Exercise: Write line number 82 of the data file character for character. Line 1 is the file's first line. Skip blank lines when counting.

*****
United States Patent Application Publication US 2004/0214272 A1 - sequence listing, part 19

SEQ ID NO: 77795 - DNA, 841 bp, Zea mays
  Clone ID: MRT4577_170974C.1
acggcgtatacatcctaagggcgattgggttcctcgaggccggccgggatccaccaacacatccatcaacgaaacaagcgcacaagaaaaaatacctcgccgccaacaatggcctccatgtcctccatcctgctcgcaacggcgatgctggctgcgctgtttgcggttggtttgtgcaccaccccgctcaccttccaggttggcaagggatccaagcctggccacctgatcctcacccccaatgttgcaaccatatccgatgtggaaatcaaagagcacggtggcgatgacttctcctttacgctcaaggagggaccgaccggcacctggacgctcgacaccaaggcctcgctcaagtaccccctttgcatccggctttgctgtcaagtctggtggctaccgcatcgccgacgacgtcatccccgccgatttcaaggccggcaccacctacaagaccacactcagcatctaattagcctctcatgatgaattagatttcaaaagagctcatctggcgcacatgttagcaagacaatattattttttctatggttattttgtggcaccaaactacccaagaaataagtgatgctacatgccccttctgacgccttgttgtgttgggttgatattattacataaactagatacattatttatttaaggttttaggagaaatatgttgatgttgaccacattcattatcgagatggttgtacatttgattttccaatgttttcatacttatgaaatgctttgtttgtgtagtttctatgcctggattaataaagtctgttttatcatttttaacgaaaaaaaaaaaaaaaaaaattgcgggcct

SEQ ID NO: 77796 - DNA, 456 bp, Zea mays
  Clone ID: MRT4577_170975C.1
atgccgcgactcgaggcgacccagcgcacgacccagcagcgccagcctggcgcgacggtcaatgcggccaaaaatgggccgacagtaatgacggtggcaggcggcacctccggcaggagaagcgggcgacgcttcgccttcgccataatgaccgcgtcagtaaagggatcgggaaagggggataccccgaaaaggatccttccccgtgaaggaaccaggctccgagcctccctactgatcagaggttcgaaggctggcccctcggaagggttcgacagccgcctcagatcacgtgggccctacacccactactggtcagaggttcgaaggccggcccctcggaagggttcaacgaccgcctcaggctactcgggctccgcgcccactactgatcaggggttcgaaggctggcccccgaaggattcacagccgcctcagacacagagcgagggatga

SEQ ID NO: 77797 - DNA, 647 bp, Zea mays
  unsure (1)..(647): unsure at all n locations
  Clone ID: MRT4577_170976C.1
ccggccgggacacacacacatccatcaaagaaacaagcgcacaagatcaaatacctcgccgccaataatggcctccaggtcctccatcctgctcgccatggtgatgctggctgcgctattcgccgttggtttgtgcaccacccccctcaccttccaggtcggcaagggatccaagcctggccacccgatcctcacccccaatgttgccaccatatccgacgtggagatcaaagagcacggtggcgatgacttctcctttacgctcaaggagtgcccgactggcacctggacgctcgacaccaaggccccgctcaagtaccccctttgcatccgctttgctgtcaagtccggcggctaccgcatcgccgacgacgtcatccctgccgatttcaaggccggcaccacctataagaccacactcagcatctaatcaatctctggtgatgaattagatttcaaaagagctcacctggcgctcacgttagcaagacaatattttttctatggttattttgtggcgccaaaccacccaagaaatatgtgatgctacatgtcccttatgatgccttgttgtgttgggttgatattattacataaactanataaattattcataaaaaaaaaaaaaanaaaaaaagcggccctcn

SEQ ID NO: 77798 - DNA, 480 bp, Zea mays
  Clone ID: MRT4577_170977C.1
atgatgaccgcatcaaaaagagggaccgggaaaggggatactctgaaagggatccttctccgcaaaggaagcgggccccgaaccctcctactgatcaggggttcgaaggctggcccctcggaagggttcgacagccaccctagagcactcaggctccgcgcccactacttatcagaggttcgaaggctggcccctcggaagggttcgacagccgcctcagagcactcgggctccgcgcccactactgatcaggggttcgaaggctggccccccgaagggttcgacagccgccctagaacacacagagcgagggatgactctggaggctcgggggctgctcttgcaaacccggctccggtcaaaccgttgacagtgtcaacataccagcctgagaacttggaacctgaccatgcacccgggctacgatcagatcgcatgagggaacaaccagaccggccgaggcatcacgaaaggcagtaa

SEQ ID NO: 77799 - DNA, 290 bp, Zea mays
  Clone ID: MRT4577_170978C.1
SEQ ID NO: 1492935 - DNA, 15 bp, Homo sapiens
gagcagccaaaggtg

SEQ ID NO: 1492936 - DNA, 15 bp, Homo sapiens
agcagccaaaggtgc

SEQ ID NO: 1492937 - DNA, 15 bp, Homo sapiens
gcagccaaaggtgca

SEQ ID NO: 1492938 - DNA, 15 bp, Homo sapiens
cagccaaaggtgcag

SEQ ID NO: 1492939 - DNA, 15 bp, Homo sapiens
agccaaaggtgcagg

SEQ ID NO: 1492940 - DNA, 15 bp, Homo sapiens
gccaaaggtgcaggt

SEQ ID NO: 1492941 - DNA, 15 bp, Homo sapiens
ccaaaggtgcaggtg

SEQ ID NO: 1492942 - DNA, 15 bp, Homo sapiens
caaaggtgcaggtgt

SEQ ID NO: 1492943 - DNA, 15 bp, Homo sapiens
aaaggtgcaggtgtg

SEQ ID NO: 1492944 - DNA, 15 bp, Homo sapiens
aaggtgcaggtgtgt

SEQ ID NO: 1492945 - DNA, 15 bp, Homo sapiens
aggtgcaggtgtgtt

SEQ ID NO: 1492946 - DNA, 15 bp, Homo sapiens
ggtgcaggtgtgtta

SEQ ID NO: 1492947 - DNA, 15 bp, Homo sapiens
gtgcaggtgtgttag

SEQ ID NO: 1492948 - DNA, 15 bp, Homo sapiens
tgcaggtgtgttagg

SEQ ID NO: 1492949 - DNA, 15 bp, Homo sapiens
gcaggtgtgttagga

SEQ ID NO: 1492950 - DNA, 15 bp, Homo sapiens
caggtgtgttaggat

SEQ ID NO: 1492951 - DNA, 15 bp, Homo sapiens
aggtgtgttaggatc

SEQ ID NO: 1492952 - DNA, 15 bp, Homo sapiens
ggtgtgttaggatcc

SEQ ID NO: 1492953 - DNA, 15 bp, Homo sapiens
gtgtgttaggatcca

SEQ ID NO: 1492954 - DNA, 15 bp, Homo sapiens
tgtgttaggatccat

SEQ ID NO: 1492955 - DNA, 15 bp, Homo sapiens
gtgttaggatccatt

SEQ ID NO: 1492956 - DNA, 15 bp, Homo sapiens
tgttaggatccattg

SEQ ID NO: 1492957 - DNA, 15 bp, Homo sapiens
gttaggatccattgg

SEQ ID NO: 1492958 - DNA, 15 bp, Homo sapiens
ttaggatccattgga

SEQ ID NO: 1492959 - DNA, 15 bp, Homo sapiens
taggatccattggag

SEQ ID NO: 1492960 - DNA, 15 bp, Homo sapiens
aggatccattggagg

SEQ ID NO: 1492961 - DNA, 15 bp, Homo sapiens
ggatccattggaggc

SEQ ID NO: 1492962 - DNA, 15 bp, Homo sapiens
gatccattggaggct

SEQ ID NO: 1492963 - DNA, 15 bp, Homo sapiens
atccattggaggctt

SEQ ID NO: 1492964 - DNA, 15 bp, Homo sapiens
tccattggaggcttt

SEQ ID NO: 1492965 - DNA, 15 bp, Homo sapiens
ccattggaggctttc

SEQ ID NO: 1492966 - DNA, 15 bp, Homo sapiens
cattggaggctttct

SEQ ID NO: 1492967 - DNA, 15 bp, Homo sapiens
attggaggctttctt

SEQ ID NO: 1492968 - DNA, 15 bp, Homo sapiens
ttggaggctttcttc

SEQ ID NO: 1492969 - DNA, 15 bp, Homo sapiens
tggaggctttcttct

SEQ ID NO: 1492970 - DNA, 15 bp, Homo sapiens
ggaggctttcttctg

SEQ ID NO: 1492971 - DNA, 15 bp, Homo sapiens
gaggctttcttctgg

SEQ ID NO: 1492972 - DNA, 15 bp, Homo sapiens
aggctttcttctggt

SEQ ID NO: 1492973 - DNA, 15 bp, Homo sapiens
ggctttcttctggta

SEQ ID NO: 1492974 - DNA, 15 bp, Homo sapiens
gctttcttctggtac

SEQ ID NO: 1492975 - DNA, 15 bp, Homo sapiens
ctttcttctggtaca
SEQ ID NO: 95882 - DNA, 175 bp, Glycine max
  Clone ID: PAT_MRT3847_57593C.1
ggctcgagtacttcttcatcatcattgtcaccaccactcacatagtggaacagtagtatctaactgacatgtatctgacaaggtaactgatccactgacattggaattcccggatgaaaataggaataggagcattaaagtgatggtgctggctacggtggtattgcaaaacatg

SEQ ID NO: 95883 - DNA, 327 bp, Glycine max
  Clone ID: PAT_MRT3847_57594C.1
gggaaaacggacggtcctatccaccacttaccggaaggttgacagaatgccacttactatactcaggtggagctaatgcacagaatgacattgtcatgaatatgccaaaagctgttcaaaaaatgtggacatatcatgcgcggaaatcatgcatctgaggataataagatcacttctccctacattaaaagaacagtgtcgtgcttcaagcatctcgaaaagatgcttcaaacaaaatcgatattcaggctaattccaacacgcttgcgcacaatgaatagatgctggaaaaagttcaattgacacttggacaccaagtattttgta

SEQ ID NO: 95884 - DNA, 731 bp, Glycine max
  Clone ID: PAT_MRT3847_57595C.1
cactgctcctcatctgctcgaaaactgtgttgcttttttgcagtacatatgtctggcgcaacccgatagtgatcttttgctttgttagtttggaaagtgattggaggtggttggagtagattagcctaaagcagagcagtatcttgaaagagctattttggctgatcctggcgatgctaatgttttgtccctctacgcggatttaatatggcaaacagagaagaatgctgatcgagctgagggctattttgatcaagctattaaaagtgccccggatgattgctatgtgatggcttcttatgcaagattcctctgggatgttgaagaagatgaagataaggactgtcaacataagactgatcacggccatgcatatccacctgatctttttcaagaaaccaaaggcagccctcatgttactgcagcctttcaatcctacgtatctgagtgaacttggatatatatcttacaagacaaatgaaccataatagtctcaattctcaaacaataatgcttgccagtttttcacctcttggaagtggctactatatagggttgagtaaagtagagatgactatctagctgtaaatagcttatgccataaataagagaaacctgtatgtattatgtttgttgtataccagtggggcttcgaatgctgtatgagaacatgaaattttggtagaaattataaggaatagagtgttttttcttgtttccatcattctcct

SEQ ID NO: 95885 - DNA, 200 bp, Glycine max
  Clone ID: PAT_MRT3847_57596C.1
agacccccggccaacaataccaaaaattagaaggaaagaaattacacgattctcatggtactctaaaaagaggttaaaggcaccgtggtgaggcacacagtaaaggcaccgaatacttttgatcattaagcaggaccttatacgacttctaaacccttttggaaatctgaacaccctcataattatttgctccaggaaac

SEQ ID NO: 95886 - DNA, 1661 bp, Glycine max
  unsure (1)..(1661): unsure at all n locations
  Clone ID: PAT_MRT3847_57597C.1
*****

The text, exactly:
attggaggctttctt